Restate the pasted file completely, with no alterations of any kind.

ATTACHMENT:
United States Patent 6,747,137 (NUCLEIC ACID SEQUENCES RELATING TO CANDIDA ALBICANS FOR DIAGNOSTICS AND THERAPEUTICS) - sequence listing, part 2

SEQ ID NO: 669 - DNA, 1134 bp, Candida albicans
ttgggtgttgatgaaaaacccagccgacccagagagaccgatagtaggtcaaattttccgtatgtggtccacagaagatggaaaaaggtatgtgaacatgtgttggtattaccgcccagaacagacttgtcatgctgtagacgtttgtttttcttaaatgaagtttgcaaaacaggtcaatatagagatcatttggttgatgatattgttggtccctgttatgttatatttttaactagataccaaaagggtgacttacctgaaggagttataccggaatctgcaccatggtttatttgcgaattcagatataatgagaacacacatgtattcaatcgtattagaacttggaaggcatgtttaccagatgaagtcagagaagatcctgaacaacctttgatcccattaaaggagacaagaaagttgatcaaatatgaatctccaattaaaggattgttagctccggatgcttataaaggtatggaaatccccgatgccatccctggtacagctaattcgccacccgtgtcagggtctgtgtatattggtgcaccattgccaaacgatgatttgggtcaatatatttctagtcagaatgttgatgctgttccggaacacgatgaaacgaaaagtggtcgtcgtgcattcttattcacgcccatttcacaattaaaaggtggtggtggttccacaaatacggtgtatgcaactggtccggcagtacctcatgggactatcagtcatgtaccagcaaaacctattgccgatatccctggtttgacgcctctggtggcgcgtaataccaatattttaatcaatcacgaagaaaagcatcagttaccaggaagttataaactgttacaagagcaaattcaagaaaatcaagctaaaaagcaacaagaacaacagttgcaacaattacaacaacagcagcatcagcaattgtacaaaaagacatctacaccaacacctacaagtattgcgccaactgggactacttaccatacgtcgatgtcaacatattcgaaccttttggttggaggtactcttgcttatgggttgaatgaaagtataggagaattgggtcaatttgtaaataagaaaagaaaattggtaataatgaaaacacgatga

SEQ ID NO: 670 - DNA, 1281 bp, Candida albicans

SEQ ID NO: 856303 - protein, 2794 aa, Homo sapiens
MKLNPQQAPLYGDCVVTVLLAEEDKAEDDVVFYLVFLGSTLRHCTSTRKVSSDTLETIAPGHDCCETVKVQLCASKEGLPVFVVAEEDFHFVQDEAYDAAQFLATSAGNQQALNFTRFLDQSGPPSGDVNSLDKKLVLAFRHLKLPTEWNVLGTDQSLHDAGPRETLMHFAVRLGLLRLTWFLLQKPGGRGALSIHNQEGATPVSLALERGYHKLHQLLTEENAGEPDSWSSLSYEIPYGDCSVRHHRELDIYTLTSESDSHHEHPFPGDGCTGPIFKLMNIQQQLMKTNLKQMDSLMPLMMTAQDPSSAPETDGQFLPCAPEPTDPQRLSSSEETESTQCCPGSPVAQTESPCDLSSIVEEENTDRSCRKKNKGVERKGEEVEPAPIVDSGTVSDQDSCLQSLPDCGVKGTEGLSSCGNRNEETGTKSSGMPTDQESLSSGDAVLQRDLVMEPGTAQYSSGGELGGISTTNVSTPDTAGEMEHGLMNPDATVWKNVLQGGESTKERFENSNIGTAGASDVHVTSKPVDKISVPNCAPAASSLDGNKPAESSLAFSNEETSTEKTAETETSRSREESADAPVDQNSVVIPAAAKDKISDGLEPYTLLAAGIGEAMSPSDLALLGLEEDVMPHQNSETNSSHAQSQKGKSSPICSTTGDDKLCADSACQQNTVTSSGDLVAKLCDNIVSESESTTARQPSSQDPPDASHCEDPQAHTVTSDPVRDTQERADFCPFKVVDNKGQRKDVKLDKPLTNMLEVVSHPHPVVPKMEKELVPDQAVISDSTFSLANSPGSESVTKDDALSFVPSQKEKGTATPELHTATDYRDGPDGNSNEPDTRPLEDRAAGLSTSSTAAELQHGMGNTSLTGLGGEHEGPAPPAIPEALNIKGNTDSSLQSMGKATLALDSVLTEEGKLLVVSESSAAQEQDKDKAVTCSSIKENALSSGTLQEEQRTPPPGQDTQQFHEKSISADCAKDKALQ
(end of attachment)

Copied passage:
United States Patent 6,747,137 (NUCLEIC ACID SEQUENCES RELATING TO CANDIDA ALBICANS FOR DIAGNOSTICS AND THERAPEUTICS) - sequence listing, part 2

SEQ ID NO: 669 - DNA, 1134 bp, Candida albicans
ttgggtgttgatgaaaaacccagccgacccagagagaccgatagtaggtcaaattttccgtatgtggtccacagaagatggaaaaaggtatgtgaacatgtgttggtattaccgcccagaacagacttgtcatgctgtagacgtttgtttttcttaaatgaagtttgcaaaacaggtcaatatagagatcatttggttgatgatattgttggtccctgttatgttatatttttaactagataccaaaagggtgacttacctgaaggagttataccggaatctgcaccatggtttatttgcgaattcagatataatgagaacacacatgtattcaatcgtattagaacttggaaggcatgtttaccagatgaagtcagagaagatcctgaacaacctttgatcccattaaaggagacaagaaagttgatcaaatatgaatctccaattaaaggattgttagctccggatgcttataaaggtatggaaatccccgatgccatccctggtacagctaattcgccacccgtgtcagggtctgtgtatattggtgcaccattgccaaacgatgatttgggtcaatatatttctagtcagaatgttgatgctgttccggaacacgatgaaacgaaaagtggtcgtcgtgcattcttattcacgcccatttcacaattaaaaggtggtggtggttccacaaatacggtgtatgcaactggtccggcagtacctcatgggactatcagtcatgtaccagcaaaacctattgccgatatccctggtttgacgcctctggtggcgcgtaataccaatattttaatcaatcacgaagaaaagcatcagttaccaggaagttataaactgttacaagagcaaattcaagaaaatcaagctaaaaagcaacaagaacaacagttgcaacaattacaacaacagcagcatcagcaattgtacaaaaagacatctacaccaacacctacaagtattgcgccaactgggactacttaccatacgtcgatgtcaacatattcgaaccttttggttggaggtactcttgcttatgggttgaatgaaagtataggagaattgggtcaatttgtaaataagaaaagaaaattggtaataatgaaaacacgatga

SEQ ID NO: 670 - DNA, 1281 bp, Candida albicans

SEQ ID NO: 856303 - protein, 2794 aa, Homo sapiens
MKLNPQQAPLYGDCVVTVLLAEEDKAEDDVVFYLVFLGSTLRHCTSTRKVSSDTLETIAPGHDCCETVKVQLCASKEGLPVFVVAEEDFHFVQDEAYDAAQFLATSAGNQQALNFTRFLDQSGPPSGDVNSLDKKLVLAFRHLKLPTEWNVLGTDQSLHDAGPRETLMHFAVRLGLLRLTWFLLQKPGGRGALSIHNQEGATPVSLALERGYHKLHQLLTEENAGEPDSWSSLSYEIPYGDCSVRHHRELDIYTLTSESDSHHEHPFPGDGCTGPIFKLMNIQQQLMKTNLKQMDSLMPLMMTAQDPSSAPETDGQFLPCAPEPTDPQRLSSSEETESTQCCPGSPVAQTESPCDLSSIVEEENTDRSCRKKNKGVERKGEEVEPAPIVDSGTVSDQDSCLQSLPDCGVKGTEGLSSCGNRNEETGTKSSGMPTDQESLSSGDAVLQRDLVMEPGTAQYSSGGELGGISTTNVSTPDTAGEMEHGLMNPDATVWKNVLQGGESTKERFENSNIGTAGASDVHVTSKPVDKISVPNCAPAASSLDGNKPAESSLAFSNEETSTEKTAETETSRSREESADAPVDQNSVVIPAAAKDKISDGLEPYTLLAAGIGEAMSPSDLALLGLEEDVMPHQNSETNSSHAQSQKGKSSPICSTTGDDKLCADSACQQNTVTSSGDLVAKLCDNIVSESESTTARQPSSQDPPDASHCEDPQAHTVTSDPVRDTQERADFCPFKVVDNKGQRKDVKLDKPLTNMLEVVSHPHPVVPKMEKELVPDQAVISDSTFSLANSPGSESVTKDDALSFVPSQKEKGTATPELHTATDYRDGPDGNSNEPDTRPLEDRAAGLSTSSTAAELQHGMGNTSLTGLGGEHEGPAPPAIPEALNIKGNTDSSLQSMGKATLALDSVLTEEGKLLVVSESSAAQEQDKDKAVTCSSIKENALSSGTLQEEQRTPPPGQDTQQFHEKSISADCAKDKALQ